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LOT 1064
Historic Documented Factory Engraved Marlin Deluxe Model 1881 Lever Action Rifle Inscribed to a Western Settler and Mayor of Sacramento with Malcolm Telescope on a Slotterbek Mount and Factory Letter as Pictured in “Marlin Firearms” - Serial no. 7043, 40-60 Marlin cal., 28 inch octagon bbl., blue/casehardened finish, fancy checkered walnut stock. The Model 1881 was the first lever action rifle design by Marlin, and it proved to be very popular with many customers out west. Per “Flayderman’s Guide to Antique American Firearms”, only around 20,000 Model 1881s were manufactured by Marlin in 1881-1892. About 6,261 of this model were chambered in .40-60 caliber. Very few left the factory in deluxe configuration, and even fewer were factory engraved let alone inscribed. The added costs for special features were considered too much for the general customer looking for a “working man’s gun.” This fine factory engraved deluxe example is inscribed to a distinguished western settler, is equipped with factory double set triggers and a period 30 1/2 inch long Malcolm telescope on a Slotterbek mount, and is pictured in William Brophy’s “Marlin Firearms” on page 678. This Model 1881 certainly has it all!
This Marlin is inscribed to Clinton L. White. After graduating Cornell College, Mt. Vernon, Iowa, in 1874, Clinton L. White (1850- 1925) came to California. In the fall of that year he earn his teacher’s certificate and taught for eight months in Placer County and then entered the law office of George Cadwalder in Sacramento as a clerk for the next two years. In 1877 he earned his license to practice law and was met with great success. He had his “name on the wall” to several well respected law firms. In 1879 he published a book on criminal law which was well received by his peers. He was secretary of the Judiciary Committee of the California State Senate in 1880 and 1881. From 1881 to 1882 he served as deputy attorney general of California and argued cases in front of the state supreme court. For 10 years he served with the California National Guard, reaching the rank of major and judge advocate. He was mayor of Sacramento for a two year term. In the “History of Sacramento County,” White’s contribution to California is summarized as the following: “Among the oldest and most distinguished members o the California Bar, widely and favorably known throughout and beyond the confines of Sacramento County, is Clinton L White, who has gained an enviable place as a counselor and attorney, having acquired, during his long years of practice, a clientele highly appreciative of his knowledge of the law, his keen interpretation of legal questions, and his straightforwardness in giving the most conscientious and dependable advice.” Consignor research related to Clinton L. White is provided.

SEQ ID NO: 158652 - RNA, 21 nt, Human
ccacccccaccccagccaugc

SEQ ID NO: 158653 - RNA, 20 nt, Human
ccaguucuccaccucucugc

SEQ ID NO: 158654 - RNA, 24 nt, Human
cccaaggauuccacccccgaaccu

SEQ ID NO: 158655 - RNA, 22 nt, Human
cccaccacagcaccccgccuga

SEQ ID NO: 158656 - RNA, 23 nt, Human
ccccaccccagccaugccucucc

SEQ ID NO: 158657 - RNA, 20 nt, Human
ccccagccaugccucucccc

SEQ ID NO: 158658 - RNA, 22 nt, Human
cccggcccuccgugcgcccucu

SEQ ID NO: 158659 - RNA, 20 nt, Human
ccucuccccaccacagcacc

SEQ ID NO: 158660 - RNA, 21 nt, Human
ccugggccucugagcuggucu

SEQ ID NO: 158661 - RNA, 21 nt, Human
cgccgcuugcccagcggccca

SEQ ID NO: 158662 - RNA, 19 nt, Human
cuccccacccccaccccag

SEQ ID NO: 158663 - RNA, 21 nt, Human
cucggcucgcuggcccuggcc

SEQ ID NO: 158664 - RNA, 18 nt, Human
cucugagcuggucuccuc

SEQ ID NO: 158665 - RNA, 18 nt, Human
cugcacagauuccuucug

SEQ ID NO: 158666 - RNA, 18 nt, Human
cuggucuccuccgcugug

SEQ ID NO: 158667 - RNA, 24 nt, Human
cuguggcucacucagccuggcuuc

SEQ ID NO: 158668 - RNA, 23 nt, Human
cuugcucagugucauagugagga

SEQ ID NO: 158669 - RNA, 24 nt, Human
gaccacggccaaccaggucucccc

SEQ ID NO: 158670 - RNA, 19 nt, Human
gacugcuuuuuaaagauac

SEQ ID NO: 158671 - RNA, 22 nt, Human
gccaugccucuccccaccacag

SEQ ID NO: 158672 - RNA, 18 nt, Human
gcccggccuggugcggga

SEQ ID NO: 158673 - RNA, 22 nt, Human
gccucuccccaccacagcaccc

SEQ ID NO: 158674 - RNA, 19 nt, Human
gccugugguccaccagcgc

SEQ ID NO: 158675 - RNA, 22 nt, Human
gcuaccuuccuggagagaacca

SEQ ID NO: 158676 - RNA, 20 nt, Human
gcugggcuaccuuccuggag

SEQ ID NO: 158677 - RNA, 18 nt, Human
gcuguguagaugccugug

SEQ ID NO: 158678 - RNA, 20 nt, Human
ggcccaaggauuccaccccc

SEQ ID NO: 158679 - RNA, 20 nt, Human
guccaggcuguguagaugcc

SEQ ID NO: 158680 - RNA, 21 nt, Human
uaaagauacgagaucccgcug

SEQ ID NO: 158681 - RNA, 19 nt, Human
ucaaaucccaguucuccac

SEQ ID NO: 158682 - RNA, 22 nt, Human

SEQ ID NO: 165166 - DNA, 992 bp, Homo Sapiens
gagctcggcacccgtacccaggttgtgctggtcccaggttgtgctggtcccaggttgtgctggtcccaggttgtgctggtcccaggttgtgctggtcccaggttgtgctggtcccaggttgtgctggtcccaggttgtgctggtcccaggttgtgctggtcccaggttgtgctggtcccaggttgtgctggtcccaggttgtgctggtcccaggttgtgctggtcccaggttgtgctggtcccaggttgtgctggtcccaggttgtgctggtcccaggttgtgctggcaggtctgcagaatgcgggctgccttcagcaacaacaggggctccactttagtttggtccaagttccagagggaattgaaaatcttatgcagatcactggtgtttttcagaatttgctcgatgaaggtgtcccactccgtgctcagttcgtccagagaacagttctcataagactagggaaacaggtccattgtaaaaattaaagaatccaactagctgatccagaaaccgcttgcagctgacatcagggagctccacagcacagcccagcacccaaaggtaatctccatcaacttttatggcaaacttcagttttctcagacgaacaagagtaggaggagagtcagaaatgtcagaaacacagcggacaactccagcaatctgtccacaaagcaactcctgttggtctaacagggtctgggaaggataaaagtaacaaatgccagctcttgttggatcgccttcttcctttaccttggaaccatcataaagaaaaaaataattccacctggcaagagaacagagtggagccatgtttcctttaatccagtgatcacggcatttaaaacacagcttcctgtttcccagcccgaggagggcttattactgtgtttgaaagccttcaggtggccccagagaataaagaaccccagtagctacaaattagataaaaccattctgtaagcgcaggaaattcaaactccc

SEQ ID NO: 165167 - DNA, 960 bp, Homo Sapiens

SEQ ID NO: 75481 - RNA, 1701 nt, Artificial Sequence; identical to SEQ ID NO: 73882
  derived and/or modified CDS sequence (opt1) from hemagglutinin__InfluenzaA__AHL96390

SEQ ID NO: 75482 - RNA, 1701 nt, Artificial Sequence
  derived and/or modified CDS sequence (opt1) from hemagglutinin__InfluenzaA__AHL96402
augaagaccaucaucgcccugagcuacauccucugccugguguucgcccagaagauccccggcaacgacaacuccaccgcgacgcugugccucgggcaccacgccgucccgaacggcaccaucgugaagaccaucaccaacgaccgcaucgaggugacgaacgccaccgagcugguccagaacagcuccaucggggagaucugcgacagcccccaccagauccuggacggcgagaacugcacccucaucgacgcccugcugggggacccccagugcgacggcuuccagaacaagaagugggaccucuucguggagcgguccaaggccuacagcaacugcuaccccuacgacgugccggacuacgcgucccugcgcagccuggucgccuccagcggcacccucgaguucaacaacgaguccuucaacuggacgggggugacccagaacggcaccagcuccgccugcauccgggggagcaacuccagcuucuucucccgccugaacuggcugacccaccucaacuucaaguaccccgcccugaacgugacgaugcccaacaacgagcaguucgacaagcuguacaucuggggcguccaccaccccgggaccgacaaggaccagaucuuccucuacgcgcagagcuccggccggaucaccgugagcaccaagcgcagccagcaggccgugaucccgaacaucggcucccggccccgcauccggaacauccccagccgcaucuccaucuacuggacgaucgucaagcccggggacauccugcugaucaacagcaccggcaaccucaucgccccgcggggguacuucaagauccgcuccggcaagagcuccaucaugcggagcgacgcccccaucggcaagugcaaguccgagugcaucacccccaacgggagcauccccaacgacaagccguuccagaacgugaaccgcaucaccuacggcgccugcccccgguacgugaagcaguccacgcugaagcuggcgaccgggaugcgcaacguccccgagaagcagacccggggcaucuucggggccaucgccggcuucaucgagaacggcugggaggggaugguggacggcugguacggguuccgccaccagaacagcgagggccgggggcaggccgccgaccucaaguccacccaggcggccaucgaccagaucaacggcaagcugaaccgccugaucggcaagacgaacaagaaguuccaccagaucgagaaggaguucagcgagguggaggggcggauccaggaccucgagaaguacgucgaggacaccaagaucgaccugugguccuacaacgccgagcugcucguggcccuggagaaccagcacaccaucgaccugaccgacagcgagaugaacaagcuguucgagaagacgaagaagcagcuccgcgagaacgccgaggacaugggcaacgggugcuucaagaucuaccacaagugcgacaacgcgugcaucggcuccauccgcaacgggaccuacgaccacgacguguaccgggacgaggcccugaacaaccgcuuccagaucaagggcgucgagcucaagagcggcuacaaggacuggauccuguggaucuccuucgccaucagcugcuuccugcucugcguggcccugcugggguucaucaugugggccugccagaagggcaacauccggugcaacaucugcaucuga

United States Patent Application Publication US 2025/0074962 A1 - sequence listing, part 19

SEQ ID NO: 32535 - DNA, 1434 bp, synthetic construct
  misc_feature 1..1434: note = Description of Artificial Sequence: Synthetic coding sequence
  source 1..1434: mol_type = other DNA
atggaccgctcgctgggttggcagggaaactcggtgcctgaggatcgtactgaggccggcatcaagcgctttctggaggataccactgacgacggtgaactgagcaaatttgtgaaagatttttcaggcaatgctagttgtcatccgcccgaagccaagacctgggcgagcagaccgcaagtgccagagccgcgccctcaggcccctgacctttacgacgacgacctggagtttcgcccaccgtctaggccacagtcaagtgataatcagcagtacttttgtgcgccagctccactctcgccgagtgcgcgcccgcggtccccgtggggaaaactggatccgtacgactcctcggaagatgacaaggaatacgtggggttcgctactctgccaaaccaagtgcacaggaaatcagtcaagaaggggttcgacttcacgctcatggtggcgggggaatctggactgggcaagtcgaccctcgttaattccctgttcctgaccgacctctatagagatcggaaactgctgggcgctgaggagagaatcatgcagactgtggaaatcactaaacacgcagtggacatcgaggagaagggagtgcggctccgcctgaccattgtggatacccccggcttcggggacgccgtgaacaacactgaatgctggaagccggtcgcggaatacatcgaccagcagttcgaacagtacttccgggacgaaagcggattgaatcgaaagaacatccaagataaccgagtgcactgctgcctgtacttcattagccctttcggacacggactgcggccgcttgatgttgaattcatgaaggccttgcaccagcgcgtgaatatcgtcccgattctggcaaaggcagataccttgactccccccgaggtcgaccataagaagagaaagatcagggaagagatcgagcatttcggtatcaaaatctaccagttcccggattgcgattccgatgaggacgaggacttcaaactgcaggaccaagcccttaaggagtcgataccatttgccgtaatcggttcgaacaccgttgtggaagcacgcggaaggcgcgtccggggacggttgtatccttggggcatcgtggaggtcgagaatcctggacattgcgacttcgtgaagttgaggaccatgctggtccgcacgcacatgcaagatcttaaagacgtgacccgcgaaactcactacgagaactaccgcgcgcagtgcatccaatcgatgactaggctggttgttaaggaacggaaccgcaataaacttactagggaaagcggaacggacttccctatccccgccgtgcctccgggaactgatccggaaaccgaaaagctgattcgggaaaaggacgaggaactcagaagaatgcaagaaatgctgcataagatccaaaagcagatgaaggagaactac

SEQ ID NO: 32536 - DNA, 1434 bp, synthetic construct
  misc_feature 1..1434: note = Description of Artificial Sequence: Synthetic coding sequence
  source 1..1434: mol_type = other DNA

The receiver is wonderfully engraved with a factory pattern established by famed master engraver Conrad Ulrich, who worked at Marlin from 1881-1910 and was performing most of the engraving for Marlin when this rifle shipped. Ulrich designed the engraving patterns that would be the standard for Marlin high end finishes. As identified by William Brophy, the right side of the receiver has the “typical engraving of the Model 1881 rifle period” consisting of plain borders, floral scrollwork on punch dot background, and a circular vignette of a running whitetail buck. Matching scrollwork and borders carry over to the left side of the receiver along with an inscription banner featuring the name “Clinton L. White.” A deer bust in a circular panel is engraved on the bolt. The barrel is fitted with a Marble Sheard gold bead blade front sight and an elevation adjustable full buckhorn rear sight and has a top flat marked with the two-line Marlin legend ahead of the rear sight and “40 CAL” at the breech. The Malcolm scope has a nickel silver eyepiece and is mounted to the rifle by an adjustable Slotterbek and Lakeport marked base attached to the left side of the receiver over the engraving and an additional dovetail mounted on the top barrel flat towards the muzzle. William Malcolm of Syracuse, New York, listed his highly advanced telescopes for Marlin Model 1881s with the telescope mounted on the left side, which allowed for the regular sights to be used at the same time.

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